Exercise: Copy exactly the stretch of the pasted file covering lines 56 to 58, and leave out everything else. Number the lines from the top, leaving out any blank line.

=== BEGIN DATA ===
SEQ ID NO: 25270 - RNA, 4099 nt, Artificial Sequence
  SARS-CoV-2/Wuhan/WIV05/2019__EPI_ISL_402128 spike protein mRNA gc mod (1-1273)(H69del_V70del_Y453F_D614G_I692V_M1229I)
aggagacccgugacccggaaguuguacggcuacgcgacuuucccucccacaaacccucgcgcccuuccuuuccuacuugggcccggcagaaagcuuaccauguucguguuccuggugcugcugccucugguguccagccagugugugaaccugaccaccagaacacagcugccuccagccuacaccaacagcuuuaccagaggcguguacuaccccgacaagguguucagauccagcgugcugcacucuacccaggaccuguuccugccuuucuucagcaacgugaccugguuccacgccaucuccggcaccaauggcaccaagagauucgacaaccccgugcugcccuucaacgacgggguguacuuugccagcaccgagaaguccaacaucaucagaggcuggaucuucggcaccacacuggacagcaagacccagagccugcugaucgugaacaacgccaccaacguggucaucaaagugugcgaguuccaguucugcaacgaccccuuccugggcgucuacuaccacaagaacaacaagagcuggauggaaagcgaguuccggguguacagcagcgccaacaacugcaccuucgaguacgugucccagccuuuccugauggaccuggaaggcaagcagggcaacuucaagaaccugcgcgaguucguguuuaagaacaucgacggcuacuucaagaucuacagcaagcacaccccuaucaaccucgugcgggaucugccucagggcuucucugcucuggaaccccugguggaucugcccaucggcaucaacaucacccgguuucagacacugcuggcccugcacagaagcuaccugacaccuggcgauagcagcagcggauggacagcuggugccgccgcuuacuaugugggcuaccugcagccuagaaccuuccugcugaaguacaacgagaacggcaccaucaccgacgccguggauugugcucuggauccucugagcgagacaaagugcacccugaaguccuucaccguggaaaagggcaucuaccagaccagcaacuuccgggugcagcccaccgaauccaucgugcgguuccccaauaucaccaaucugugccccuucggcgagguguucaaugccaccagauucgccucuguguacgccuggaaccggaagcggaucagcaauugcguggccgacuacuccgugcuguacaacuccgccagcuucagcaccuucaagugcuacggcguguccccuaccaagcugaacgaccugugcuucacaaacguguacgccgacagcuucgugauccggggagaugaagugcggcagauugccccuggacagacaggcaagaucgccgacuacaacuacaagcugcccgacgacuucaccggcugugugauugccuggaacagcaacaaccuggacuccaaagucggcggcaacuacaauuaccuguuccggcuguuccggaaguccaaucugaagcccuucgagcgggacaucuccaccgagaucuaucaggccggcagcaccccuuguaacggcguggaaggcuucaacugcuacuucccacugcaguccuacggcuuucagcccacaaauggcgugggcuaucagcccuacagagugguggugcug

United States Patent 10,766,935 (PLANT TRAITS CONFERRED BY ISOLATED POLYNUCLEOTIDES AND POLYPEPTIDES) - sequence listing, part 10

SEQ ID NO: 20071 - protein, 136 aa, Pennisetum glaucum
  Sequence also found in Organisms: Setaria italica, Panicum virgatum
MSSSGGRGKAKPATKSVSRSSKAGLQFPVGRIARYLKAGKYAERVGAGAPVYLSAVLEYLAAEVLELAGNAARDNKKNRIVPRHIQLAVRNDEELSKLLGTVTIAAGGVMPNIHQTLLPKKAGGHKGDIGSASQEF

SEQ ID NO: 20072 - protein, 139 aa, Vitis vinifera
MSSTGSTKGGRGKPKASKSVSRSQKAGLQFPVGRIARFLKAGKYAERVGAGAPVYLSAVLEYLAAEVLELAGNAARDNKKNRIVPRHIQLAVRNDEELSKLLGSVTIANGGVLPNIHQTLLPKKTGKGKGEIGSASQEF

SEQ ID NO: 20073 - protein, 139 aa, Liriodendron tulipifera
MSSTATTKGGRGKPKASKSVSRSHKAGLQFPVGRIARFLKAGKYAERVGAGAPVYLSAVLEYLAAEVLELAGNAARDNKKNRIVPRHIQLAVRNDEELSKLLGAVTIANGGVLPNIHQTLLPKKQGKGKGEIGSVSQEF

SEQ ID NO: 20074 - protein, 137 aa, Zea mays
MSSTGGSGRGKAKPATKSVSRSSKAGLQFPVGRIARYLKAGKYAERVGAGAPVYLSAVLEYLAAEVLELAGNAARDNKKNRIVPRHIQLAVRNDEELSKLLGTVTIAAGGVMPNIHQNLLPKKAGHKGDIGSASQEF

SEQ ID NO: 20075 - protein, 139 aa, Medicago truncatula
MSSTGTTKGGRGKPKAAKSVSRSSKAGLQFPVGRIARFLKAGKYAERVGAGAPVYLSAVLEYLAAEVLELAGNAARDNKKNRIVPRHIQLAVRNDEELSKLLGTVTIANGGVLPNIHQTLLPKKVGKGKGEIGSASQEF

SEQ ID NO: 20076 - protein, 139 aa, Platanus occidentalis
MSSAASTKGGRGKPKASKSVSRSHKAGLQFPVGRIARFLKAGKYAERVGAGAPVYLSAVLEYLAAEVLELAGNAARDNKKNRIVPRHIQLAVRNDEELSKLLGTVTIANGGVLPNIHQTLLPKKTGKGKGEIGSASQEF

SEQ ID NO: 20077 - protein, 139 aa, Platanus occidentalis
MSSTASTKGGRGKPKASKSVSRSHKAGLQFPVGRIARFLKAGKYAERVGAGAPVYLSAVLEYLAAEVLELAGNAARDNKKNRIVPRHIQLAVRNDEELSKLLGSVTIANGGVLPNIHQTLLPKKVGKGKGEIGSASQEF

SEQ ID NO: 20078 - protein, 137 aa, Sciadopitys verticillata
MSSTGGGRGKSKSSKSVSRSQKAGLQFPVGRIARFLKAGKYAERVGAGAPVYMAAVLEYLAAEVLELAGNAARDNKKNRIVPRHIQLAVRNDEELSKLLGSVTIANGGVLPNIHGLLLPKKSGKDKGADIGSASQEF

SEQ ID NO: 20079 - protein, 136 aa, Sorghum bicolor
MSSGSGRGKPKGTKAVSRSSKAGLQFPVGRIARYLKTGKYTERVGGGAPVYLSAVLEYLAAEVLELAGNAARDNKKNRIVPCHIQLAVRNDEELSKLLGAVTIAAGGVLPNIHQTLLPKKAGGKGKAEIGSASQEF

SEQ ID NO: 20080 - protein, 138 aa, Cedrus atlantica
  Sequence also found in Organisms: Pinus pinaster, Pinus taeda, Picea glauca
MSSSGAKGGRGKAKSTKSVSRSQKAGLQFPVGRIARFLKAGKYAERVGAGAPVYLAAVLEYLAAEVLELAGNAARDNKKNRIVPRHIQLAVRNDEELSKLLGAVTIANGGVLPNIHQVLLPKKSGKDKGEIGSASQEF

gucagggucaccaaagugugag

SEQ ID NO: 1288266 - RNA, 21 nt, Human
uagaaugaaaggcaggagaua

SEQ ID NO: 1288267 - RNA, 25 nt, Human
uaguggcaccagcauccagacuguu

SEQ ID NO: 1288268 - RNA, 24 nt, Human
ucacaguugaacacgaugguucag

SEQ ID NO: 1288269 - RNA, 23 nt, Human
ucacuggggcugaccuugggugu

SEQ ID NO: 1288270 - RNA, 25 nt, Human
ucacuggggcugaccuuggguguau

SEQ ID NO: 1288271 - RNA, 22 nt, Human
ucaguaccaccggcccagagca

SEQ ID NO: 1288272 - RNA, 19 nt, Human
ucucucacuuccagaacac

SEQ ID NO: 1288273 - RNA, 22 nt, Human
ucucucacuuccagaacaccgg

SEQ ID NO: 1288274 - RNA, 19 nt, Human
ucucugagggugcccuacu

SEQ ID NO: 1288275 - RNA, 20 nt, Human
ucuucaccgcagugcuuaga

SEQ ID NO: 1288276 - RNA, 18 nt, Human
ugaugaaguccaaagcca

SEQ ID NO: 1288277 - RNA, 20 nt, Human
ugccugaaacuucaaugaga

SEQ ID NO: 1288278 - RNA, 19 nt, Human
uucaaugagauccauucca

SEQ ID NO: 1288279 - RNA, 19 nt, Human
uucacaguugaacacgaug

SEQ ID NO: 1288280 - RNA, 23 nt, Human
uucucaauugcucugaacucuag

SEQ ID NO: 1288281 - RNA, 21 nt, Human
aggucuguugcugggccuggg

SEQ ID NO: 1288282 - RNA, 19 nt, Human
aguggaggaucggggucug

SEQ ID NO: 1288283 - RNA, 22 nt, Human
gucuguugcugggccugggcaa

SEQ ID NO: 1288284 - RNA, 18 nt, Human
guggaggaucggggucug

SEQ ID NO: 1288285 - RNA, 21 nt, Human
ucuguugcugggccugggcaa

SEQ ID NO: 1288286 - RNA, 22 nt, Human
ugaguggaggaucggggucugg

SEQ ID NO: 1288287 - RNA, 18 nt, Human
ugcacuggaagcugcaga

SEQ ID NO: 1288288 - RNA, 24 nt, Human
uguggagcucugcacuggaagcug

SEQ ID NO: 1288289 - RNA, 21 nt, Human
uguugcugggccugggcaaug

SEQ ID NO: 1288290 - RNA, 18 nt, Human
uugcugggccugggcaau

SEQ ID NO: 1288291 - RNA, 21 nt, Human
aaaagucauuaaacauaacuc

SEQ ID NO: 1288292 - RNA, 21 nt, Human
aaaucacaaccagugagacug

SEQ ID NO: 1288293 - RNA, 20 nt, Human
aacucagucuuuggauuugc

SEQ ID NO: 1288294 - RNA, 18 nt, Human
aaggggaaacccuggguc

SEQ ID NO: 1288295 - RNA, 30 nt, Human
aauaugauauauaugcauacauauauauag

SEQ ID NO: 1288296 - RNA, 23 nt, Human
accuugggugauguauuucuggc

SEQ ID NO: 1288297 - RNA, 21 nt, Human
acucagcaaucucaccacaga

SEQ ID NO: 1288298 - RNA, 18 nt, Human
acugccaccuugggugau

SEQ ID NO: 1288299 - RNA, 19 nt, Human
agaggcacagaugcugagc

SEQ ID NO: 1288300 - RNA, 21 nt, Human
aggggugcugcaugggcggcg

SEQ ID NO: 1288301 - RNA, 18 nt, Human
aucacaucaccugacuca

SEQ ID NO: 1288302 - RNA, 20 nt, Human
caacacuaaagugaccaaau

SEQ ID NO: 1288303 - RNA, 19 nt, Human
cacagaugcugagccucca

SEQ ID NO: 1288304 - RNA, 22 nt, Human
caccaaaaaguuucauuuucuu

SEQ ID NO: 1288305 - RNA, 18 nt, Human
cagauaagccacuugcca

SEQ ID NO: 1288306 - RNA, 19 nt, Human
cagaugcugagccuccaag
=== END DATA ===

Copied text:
SEQ ID NO: 1288280 - RNA, 23 nt, Human
uucucaauugcucugaacucuag

SEQ ID NO: 1288281 - RNA, 21 nt, Human